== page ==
Essential Knowledge for Every Balloon Decorator: Pin for later or share with a friend!
Can you please tell me how low and high temperature, humidity, pressure, sun and other atmosphere factors affect balloons inflated with air and balloons inflated with helium?
How Do Atmospheric Factors Like Temperature, Humidity, Sun and Air Pressure Affect Balloons?
A great question that's of importance to everyone decorating with balloons, whether professionally or as a hobby.
The answers apply to both air filled and helium filled balloons. In general though, helium filled balloons are affected more, because helium is very susceptible to changes in air pressure and temperature.Temperature:
In an environment with high temperature, the balloon will expand. This can eventually lead to popping if the balloons are over-inflated or subjected to sudden temperature changes.
Conversely, in low temperatures, the air or helium inside the balloon contracts, making the balloons appear under-inflated or shrunken. Tip:
To mitigate these effects, inflate balloons in the same conditions they will be displayed, such as inflating them outside if they will be displayed outdoors.Air pressure:
At lower atmospheric pressures, as experienced at high altitudes, gas within balloons expands more due to lower external pressure against the balloon. Once the difference becomes too big, the balloon will pop.
Helium, being less dense and more responsive to pressure changes compared to air, will cause helium balloons to expand more and pop at lower altitudes, around 28,000 to 30,000 feet (8,534 to 9,144 meters).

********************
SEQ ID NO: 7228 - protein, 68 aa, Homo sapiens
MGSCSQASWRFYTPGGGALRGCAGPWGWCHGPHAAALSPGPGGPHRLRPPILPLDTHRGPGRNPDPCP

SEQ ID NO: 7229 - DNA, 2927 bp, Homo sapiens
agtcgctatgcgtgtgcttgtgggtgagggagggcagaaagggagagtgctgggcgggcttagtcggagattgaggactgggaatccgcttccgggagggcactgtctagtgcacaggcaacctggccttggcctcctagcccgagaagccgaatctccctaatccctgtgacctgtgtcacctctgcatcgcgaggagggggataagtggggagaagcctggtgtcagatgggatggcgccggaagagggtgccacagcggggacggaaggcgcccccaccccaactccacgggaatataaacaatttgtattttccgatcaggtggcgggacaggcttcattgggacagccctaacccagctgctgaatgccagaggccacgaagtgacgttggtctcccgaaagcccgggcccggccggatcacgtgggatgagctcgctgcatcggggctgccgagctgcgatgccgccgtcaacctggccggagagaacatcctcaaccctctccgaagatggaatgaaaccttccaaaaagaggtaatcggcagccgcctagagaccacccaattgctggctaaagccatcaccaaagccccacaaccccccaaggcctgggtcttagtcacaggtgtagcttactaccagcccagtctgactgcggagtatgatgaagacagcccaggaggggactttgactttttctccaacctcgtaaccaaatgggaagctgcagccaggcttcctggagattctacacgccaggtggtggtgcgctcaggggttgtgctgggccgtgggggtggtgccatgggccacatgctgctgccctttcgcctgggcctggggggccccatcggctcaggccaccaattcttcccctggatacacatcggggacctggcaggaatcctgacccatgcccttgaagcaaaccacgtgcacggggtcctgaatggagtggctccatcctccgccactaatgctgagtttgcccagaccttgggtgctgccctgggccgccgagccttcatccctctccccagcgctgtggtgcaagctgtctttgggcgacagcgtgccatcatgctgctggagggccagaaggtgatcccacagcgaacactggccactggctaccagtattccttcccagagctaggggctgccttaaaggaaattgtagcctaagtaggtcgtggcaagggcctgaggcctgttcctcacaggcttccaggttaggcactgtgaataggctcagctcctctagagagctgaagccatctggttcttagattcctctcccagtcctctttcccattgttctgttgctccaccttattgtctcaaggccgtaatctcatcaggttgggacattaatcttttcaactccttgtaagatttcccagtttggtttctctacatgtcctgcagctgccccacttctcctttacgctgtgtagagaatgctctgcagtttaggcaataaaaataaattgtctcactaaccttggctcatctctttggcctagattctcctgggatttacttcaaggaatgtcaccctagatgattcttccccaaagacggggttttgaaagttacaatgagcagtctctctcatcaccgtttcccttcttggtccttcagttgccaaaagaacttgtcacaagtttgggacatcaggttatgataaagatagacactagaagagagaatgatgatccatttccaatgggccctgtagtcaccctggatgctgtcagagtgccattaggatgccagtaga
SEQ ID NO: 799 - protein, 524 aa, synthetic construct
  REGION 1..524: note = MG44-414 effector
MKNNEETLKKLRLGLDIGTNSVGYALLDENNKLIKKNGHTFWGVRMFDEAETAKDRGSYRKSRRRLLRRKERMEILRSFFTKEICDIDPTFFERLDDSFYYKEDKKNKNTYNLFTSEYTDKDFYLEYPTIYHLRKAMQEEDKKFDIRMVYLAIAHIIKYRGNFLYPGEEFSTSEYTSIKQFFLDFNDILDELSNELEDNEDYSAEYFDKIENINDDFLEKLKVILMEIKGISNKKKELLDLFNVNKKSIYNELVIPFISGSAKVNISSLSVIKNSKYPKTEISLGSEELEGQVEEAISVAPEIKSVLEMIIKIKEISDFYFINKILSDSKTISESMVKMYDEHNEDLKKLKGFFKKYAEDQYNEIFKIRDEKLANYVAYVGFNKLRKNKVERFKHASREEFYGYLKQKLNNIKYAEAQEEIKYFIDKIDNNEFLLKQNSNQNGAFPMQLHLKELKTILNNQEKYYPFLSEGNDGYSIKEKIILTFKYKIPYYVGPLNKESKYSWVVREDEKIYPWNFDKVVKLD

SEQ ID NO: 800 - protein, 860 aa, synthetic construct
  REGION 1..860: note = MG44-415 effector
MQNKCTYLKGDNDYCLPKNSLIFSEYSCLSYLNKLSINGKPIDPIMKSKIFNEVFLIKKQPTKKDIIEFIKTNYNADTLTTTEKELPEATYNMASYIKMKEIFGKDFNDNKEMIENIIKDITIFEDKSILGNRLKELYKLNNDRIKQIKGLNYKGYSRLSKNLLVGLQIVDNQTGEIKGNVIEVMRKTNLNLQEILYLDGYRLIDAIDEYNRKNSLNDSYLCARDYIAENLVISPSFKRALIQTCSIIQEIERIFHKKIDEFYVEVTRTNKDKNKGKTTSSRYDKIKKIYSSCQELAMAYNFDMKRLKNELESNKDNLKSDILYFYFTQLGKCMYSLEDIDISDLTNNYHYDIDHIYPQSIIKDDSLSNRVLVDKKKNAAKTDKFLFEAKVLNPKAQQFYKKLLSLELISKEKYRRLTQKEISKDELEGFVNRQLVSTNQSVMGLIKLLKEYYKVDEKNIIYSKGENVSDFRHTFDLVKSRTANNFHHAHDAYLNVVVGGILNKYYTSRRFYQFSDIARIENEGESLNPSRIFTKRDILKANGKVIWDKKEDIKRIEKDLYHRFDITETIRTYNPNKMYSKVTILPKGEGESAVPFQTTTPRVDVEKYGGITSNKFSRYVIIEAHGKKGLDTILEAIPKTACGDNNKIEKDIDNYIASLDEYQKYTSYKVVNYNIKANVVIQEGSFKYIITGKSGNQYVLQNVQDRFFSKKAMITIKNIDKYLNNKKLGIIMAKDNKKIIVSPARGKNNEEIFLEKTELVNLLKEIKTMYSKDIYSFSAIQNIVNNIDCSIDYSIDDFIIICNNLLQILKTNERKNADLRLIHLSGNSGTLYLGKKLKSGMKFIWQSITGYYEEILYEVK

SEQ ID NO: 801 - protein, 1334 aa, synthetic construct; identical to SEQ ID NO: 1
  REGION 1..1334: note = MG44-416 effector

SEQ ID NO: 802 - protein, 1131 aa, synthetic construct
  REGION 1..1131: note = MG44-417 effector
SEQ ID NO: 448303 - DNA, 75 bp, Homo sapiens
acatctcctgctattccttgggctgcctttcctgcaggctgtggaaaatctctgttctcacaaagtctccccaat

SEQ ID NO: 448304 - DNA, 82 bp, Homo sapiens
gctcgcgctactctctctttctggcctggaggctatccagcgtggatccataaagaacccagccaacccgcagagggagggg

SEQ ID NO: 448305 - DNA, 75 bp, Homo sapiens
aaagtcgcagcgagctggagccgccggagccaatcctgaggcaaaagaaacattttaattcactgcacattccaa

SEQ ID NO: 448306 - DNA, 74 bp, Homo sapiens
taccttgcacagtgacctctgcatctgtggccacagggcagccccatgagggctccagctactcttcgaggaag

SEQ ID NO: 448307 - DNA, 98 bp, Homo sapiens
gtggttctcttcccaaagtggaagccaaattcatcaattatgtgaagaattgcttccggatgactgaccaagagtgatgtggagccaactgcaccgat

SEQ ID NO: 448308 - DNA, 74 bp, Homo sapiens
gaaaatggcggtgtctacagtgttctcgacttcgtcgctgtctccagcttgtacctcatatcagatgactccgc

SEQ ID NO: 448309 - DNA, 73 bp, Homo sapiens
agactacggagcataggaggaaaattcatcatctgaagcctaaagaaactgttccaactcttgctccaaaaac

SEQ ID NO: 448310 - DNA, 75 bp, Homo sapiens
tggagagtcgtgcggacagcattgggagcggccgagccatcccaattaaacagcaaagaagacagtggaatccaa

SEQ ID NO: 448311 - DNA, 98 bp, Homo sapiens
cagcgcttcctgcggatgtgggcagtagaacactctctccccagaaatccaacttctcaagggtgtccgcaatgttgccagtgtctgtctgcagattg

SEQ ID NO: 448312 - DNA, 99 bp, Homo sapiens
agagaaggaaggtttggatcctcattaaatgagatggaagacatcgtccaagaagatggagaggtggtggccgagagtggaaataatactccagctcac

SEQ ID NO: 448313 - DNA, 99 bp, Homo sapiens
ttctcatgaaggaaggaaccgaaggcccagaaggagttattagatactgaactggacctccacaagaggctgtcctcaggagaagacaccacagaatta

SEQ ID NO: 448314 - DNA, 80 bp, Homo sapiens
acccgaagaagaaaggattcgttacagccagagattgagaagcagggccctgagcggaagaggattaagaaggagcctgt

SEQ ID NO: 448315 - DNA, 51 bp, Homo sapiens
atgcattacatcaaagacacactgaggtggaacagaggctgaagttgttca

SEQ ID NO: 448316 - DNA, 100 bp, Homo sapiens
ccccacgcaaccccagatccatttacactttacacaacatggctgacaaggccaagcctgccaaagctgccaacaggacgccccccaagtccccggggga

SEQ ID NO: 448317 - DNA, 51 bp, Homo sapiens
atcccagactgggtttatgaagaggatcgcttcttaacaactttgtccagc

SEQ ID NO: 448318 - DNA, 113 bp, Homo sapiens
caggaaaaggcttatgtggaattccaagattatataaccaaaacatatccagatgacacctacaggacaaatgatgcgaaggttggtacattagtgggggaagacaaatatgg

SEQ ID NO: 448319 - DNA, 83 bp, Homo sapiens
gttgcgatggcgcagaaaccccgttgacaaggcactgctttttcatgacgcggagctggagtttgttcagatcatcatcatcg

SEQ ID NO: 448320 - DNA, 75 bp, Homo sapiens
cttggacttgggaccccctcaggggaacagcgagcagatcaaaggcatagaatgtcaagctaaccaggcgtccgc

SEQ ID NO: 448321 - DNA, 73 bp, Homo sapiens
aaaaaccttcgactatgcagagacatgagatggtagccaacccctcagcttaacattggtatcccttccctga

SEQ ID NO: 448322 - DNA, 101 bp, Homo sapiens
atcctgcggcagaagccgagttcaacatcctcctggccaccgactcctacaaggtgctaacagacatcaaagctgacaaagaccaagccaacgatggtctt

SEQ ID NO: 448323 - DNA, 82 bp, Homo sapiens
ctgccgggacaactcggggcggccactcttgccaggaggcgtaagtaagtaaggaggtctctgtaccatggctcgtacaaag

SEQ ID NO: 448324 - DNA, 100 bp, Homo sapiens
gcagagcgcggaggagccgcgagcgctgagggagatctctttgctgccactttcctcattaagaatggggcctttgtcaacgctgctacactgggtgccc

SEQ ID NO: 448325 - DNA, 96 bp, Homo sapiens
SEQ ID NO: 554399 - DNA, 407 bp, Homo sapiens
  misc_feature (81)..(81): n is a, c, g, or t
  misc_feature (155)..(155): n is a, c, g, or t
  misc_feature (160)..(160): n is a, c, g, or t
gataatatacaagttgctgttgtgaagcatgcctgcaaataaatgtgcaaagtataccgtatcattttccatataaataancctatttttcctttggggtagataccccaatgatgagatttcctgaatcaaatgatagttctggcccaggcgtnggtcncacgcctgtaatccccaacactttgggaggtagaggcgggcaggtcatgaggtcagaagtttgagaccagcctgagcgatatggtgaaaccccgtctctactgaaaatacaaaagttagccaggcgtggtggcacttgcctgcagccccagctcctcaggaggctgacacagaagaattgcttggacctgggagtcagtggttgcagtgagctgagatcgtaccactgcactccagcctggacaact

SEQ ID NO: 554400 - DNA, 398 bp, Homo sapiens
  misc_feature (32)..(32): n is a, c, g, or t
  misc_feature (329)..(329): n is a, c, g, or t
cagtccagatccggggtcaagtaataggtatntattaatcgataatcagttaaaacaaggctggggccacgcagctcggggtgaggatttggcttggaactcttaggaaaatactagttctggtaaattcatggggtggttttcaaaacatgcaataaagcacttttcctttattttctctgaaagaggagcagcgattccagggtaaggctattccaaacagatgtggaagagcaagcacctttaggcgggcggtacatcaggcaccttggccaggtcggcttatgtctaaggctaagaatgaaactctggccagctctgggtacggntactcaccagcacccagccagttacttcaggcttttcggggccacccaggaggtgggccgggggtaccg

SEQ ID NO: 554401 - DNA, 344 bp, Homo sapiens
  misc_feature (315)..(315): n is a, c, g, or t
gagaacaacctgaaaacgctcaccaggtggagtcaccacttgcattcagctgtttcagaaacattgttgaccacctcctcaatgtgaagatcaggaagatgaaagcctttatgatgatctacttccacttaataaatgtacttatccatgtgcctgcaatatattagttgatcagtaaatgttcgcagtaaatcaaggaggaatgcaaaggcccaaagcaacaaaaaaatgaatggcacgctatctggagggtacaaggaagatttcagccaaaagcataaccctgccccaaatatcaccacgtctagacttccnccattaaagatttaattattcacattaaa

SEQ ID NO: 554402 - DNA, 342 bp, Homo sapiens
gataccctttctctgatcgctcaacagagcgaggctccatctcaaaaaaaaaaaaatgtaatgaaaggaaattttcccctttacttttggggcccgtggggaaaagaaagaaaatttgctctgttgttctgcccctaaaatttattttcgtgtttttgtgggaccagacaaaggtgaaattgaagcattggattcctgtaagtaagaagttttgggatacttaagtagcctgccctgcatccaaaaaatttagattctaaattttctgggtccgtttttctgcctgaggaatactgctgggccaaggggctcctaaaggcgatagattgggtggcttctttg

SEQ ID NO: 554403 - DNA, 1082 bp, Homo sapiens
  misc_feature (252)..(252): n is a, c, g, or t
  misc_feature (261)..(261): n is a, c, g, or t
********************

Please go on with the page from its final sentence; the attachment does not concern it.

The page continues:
For us balloon decorators, the variations in air pressure don't really play a role. You'd have to go up to the top of Mount Everest to notice a difference!Humidity:
Latex balloons are porous and can absorb moisture. The moisture changes the structure of the rubber making it more 'rubbery' and stretchable. Short term, this means that you can blow up a balloon to a bigger size in a humid environment than in a dry one.
Over time, however, excessive moisture can break down the latex, making it weak and prone to popping.Sun:
Sun, together with wind and heat, will biodegrade the latex. That's why latex balloons won't last long if you use them outdoors. The first sign of the degradation is that the balloons oxidize, i.e. they lose their shine and start looking dull, as if they had a thin white layer over their initial color.
Additionally, heat from the sun can increase the internal pressure within the balloon causing them to expand or pop, especially if they are of a darker color, which absorbs more heat.
Outdoor usage typically reduces the lifetime of balloon decor compared to indoor decorations.Tip:
Use lighter colors and underinflate balloons to give them room to expand in the heat. More tips below!
When you're prepping for a big event and want the balloon decorations to be just perfect, especially if it's an outdoor affair, keep these weather factors in mind.
Stick with the best balloon brands for outdoor decor
Planning is key if you're dealing with weather changes. Opting for air-filled decorations can give you a bit more wiggle room with the temperatures fluctuating. This way, you can ensure those balloons stay stunning from start to finish, without wilting under the weather's whims.Further Reading About Balloons Behavior in Outdoor Conditions:Outdoor Balloon Decorations: Do's and Don'ts to Make Your Event SpecialHow to prevent balloon decor from popping in outdoors heat?When can I blow up balloons for an outside event?How to Keep Balloons ShinyHow to reduce oxidation on latex balloons
And then there's the BalloonHQ that has a whole section about how outdoor conditions affect balloons.